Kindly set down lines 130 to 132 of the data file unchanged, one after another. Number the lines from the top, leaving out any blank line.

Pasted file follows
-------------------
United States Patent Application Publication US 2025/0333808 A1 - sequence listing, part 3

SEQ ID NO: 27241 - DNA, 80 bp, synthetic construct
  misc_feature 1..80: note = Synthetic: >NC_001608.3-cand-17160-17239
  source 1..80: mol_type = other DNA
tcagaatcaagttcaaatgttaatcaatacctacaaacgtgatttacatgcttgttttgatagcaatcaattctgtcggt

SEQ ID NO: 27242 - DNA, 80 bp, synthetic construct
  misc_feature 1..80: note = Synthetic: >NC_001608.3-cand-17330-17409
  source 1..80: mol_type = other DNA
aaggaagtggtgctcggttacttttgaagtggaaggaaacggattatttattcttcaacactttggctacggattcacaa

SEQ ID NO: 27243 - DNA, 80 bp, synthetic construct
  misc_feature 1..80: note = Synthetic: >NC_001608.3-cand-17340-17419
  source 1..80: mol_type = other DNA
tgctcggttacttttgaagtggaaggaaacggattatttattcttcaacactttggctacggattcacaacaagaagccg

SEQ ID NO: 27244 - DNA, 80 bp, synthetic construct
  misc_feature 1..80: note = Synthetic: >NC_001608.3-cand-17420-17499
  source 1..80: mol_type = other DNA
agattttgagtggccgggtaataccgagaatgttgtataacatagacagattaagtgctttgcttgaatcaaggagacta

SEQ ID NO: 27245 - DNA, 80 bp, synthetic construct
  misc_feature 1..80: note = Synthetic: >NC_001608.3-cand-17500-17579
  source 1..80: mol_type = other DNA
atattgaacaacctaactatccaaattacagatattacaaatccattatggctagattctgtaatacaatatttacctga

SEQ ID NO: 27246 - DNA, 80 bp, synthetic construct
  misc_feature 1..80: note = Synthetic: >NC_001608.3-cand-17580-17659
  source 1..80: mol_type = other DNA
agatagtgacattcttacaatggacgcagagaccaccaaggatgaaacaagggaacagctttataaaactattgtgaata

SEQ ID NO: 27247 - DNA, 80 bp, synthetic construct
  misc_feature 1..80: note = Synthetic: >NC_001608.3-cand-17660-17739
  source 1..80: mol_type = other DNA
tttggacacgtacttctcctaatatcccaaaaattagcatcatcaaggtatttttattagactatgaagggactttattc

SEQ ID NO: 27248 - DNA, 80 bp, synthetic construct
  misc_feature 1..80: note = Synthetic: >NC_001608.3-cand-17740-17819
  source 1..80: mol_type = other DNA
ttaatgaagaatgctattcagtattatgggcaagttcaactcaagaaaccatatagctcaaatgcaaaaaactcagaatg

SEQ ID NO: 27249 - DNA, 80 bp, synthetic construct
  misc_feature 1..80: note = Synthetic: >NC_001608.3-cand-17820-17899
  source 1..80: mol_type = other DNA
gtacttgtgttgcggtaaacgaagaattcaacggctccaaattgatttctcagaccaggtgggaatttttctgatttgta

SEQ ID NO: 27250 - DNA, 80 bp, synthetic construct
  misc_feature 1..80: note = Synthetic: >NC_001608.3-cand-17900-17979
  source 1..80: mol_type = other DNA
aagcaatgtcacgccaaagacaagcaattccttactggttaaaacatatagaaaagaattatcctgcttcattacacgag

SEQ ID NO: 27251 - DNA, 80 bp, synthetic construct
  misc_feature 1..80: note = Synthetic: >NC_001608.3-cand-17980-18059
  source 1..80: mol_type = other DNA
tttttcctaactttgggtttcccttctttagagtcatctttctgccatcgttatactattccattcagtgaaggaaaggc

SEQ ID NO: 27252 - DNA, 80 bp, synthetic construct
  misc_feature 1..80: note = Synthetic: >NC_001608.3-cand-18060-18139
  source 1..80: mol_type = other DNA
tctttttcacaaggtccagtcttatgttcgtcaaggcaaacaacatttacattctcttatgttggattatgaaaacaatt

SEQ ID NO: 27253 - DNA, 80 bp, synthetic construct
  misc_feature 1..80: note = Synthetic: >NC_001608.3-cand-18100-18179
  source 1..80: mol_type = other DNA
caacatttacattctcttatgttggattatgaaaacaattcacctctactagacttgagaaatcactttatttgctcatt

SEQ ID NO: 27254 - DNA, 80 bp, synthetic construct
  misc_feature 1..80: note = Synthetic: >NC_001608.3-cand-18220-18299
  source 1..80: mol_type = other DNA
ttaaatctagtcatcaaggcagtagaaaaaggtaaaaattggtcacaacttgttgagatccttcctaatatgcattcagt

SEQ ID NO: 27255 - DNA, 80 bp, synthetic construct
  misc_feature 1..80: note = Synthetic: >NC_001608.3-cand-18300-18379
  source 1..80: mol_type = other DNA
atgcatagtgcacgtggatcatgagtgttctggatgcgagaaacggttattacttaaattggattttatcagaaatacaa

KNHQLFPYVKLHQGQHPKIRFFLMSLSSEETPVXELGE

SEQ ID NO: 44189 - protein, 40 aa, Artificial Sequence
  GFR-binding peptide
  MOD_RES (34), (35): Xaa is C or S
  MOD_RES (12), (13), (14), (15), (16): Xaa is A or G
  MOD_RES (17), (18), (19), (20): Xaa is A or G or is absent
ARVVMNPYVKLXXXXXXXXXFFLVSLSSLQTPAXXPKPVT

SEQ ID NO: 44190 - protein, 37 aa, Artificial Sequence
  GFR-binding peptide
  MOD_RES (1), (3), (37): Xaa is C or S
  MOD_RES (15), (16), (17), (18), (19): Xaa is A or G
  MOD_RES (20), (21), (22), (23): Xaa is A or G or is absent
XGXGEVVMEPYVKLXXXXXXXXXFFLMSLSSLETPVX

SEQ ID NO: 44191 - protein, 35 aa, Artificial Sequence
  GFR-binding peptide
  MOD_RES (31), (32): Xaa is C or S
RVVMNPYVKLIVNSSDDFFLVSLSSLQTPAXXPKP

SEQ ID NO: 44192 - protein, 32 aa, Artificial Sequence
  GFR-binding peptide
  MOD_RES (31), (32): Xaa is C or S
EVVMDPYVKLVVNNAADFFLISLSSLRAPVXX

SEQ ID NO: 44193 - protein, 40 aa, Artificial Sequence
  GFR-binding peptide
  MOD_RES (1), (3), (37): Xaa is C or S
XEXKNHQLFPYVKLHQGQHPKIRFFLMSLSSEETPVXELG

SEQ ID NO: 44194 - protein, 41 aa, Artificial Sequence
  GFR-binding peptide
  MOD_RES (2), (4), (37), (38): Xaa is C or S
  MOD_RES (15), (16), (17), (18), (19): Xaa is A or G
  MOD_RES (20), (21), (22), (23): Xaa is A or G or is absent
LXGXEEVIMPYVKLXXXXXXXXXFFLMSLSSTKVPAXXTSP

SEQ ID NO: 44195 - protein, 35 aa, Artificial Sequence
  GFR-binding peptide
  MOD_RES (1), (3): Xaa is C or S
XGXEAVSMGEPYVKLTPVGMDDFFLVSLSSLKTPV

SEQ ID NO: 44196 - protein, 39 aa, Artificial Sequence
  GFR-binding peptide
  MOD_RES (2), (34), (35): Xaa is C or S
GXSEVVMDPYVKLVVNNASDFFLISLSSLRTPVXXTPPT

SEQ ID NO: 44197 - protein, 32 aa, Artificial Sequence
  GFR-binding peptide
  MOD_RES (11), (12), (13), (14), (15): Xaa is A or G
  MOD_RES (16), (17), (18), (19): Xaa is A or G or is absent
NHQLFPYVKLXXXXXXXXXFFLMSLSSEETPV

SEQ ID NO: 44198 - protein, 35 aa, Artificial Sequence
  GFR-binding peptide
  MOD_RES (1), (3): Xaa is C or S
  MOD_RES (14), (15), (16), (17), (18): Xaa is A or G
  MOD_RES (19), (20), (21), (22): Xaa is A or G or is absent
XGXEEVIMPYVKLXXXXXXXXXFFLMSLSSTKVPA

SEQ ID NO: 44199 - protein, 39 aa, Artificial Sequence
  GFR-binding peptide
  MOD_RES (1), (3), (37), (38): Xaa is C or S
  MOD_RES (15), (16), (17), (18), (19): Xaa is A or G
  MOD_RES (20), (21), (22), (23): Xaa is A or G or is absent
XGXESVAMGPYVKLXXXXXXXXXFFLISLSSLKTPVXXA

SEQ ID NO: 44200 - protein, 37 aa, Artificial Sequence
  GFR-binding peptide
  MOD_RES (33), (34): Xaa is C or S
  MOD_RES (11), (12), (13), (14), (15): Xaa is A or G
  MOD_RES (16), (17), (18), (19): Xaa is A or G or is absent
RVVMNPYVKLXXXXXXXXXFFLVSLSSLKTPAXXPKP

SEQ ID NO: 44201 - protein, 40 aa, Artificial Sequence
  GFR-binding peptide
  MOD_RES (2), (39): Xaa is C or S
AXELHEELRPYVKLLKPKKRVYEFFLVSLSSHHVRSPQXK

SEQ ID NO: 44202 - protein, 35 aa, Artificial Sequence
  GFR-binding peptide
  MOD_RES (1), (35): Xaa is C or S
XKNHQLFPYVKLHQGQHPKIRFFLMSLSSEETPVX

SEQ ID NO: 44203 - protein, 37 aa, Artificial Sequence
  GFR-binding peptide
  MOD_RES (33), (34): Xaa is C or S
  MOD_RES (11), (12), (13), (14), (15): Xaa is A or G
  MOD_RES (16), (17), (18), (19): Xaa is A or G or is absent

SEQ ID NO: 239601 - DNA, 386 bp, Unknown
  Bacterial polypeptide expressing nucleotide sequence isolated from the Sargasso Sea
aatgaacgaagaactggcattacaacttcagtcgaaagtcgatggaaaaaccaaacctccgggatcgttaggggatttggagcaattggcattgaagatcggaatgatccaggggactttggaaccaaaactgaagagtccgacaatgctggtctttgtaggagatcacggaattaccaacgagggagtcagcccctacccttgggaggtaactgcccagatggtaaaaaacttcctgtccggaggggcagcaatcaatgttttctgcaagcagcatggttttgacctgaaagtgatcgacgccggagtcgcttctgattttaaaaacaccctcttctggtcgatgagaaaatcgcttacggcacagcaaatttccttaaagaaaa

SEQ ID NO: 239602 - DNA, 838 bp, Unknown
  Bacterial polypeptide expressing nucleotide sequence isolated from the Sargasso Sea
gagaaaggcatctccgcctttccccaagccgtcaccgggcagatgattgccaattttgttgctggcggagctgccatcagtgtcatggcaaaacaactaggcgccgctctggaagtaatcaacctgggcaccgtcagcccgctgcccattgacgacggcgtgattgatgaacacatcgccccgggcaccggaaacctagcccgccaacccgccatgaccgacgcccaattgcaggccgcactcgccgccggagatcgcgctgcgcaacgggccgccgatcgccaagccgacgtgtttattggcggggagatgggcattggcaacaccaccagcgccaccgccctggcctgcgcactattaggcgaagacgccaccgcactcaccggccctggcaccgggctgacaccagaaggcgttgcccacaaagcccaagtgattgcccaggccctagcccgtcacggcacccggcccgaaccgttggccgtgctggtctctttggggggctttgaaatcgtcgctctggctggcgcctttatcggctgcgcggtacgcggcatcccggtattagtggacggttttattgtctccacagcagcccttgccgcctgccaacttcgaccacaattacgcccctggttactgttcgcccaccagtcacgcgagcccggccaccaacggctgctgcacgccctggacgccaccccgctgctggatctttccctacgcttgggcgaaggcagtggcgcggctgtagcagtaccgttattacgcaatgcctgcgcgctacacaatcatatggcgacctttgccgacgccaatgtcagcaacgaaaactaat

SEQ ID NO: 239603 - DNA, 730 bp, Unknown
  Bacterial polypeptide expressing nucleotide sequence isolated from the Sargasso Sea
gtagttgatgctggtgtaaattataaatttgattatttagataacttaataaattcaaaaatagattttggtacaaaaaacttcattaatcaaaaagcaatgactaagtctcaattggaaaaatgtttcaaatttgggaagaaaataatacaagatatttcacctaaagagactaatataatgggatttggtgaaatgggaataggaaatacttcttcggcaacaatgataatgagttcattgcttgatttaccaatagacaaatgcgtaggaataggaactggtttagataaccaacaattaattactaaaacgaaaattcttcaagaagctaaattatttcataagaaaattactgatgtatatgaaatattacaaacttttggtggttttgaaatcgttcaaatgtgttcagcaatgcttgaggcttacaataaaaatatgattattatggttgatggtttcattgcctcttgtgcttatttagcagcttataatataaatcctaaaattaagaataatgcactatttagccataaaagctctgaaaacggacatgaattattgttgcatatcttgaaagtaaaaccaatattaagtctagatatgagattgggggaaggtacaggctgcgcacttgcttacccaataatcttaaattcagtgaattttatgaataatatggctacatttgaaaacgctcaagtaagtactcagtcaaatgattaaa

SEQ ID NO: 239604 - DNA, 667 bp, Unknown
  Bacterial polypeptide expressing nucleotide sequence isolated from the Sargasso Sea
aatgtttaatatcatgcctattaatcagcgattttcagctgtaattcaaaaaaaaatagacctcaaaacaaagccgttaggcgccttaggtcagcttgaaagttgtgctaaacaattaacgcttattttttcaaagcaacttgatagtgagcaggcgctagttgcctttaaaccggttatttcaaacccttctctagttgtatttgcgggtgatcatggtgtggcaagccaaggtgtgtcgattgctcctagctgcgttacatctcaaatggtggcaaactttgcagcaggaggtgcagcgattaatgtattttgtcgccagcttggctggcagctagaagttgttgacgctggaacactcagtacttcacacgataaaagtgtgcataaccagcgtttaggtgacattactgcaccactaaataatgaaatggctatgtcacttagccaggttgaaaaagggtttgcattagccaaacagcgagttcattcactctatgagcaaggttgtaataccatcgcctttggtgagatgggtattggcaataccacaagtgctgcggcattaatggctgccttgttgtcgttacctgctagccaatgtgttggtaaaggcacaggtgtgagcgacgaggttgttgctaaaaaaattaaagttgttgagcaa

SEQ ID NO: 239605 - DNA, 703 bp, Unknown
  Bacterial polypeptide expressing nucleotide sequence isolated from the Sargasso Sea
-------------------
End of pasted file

  MOD_RES (1), (35): Xaa is C or S
XKNHQLFPYVKLHQGQHPKIRFFLMSLSSEETPVX

SEQ ID NO: 44203 - protein, 37 aa, Artificial Sequence